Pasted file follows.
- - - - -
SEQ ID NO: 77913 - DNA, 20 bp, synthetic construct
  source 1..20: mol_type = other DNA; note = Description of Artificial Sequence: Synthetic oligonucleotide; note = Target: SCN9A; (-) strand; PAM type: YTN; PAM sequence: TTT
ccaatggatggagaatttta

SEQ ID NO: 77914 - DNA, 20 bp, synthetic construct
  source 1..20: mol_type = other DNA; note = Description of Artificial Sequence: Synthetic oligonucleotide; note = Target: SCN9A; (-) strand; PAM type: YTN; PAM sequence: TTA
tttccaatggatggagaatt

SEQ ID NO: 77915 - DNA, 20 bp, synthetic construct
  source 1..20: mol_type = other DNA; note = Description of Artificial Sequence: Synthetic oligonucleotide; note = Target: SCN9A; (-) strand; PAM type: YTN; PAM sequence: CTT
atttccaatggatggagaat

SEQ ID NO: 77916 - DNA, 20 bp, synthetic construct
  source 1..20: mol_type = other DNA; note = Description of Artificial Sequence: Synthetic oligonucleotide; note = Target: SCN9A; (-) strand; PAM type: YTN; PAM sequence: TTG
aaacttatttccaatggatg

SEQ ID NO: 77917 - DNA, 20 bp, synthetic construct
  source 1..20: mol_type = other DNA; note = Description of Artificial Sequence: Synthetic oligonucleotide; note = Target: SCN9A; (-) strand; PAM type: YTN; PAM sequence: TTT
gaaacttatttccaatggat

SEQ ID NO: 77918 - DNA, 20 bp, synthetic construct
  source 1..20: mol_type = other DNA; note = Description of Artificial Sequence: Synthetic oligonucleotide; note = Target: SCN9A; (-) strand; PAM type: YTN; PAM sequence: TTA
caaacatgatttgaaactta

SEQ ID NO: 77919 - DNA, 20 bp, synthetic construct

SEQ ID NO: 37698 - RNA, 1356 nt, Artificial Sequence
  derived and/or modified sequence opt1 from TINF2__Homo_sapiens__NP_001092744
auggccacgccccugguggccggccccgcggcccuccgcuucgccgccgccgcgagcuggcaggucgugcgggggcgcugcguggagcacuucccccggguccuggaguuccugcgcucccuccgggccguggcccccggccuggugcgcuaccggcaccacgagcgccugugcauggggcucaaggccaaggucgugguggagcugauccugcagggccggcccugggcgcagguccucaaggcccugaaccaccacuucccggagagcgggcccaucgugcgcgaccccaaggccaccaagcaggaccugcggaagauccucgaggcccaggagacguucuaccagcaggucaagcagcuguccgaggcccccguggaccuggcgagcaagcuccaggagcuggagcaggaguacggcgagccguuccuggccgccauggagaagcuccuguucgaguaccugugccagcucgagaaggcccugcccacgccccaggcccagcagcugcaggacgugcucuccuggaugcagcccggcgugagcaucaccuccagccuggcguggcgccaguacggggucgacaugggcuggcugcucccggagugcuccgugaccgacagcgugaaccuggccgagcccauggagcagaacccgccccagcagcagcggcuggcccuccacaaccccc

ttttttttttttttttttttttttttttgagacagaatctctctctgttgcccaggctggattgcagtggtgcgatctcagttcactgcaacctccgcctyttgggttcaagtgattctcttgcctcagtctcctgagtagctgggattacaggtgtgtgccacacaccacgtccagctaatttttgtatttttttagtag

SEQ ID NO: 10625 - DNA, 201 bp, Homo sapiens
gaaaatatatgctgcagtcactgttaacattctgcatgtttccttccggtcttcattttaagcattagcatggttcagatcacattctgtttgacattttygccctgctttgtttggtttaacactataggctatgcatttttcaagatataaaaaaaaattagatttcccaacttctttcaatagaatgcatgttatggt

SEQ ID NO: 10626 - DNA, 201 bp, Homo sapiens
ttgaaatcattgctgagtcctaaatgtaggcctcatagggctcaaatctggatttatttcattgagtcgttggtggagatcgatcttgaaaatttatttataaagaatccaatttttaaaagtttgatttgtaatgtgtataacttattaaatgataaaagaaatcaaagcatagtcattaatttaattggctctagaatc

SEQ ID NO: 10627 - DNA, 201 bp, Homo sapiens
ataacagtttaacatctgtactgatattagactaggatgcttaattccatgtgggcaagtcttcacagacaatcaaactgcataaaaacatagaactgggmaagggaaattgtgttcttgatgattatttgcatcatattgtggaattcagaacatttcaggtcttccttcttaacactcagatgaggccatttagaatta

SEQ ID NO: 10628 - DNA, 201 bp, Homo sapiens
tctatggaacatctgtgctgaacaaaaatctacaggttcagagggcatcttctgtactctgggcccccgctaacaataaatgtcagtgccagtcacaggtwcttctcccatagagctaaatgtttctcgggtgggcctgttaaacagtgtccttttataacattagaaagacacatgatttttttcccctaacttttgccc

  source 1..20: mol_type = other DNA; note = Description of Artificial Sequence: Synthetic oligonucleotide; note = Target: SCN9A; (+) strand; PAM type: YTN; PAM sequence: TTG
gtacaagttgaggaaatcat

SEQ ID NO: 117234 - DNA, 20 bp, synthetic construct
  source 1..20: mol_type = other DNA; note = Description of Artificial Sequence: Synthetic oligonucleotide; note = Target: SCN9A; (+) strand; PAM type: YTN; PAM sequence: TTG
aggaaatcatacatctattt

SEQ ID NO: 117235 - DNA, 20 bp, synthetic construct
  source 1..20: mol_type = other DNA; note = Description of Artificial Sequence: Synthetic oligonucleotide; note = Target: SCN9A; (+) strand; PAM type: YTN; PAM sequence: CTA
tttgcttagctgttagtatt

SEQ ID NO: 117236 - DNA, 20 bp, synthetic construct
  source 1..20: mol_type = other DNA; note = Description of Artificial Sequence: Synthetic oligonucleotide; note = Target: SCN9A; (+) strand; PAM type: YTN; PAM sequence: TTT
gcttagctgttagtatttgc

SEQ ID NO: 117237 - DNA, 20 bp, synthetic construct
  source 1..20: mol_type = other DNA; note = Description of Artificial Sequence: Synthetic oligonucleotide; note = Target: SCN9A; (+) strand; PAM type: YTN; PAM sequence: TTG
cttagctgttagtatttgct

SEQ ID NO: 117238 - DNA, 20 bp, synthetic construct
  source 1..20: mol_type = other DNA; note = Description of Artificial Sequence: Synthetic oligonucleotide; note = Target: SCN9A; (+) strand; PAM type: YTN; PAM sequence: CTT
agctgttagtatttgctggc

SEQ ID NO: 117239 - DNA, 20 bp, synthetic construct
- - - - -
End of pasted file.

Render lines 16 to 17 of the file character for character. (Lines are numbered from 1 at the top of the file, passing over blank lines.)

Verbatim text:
SEQ ID NO: 77918 - DNA, 20 bp, synthetic construct
  source 1..20: mol_type = other DNA; note = Description of Artificial Sequence: Synthetic oligonucleotide; note = Target: SCN9A; (-) strand; PAM type: YTN; PAM sequence: TTA